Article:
The problem with your belief is that the effect of the CO2 is so small that it does not play a significant role in the loss of heat from the oceans. As I have explained previously here:WetEV wrote:But that's not the case.
Heat flow is mostly from the ocean (or a lake, or a swimming pool) to the atmosphere. This is something you can verify in your backyard.
If the heat flow was from the atmosphere to the water, putting clear bubble wrap on a pool would help to keep it cool. If the heat flow was from the water to the atmosphere, putting clear bubble wrap on a pool would help keep it warm.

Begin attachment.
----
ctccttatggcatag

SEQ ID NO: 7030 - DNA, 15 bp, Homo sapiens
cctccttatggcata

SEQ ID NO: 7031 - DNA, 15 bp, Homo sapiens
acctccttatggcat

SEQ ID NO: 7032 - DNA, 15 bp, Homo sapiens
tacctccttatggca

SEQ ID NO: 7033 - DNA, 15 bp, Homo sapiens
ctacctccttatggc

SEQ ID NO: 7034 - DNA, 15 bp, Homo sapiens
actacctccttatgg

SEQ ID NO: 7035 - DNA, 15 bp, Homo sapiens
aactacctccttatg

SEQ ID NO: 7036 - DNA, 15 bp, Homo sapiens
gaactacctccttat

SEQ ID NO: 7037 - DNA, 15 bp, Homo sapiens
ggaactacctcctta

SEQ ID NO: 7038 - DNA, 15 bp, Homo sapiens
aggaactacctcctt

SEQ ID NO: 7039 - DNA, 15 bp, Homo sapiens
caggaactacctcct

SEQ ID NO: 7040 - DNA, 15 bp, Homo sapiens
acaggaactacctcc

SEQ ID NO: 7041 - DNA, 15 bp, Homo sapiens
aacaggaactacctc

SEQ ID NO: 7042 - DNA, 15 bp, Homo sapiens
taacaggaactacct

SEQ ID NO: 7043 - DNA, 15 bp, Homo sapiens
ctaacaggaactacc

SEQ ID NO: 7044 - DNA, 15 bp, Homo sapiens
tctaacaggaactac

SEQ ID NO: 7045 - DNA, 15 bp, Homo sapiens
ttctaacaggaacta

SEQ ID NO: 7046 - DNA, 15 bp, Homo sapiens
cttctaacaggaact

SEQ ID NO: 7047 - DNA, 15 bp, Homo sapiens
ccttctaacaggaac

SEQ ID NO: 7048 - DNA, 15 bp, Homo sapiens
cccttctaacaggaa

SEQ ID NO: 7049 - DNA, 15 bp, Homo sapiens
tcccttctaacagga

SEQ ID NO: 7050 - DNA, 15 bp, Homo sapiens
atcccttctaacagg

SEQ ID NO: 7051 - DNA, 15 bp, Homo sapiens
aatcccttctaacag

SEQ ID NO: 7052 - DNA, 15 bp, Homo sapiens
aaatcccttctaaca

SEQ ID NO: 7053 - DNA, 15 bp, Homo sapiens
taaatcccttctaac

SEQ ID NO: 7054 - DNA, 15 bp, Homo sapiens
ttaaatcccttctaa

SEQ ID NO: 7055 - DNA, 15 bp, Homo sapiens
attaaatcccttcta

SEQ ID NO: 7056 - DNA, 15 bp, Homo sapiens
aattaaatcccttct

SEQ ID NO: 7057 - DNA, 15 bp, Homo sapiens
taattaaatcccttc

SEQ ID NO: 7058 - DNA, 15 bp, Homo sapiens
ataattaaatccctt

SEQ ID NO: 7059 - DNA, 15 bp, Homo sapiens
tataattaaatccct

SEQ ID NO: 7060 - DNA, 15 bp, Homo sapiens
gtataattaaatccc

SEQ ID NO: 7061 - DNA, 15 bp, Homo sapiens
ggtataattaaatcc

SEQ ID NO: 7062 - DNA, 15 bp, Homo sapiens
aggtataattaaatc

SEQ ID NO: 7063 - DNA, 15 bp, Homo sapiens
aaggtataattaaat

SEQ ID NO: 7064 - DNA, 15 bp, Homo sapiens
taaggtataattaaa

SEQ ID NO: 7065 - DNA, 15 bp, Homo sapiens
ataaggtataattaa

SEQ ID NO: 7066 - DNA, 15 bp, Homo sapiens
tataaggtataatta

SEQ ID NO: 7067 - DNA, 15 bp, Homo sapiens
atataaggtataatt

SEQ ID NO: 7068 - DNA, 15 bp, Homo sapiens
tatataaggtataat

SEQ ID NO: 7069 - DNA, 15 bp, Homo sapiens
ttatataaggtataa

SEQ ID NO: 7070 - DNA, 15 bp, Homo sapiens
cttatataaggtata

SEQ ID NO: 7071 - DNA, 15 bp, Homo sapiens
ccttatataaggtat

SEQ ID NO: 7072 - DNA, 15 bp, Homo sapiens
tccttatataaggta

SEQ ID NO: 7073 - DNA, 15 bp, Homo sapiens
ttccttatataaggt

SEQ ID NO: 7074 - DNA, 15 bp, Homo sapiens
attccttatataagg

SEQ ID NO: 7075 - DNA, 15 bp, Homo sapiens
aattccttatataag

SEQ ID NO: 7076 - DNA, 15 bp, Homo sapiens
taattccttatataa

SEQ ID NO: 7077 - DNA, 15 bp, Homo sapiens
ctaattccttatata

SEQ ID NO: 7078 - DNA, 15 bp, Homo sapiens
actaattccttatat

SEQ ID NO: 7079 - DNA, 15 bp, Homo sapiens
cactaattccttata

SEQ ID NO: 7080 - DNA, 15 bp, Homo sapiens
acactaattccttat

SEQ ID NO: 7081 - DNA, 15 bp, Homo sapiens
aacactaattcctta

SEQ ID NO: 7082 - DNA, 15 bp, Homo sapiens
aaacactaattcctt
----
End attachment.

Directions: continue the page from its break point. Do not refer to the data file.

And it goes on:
Those blue links are to MEASURED data that clearly indicated that CO2 has at the most reduced the temperature drop of the top millimeter of the surface of the oceans by 0.001K, while nighttime clouds reduce that drop by 200X as much and the lack of clouds (sunlight) during the daytime INCREASED the surface temperature of the water by 2000X as much. In other words, a change of cloudiness of 0.05% has the same effect as the change in CO2.RegGuheert wrote:CO2 has virtually NO capacity to reduce the heat loss of the ocean. How little? With the ~half-doubling of CO2 we have seen in the atmosphere, the top 1mm of the ocean is 0.001C warmer than it would be otherwise. That is so little increase in sensible heat that the flow of heat from below is barely affected. Compare that with the 0.2C increase caused by clouds or the increase of over 2C caused by sunlight (which causes heat to flow the opposite direction). What that means is that a 0.1% increase in cloud cover over the oceans during the daytime is all that is needed to eliminate any ocean warming caused by CO2. But does ocean cloud cover vary that much? No, it varies by more than an order of magnitude more than that!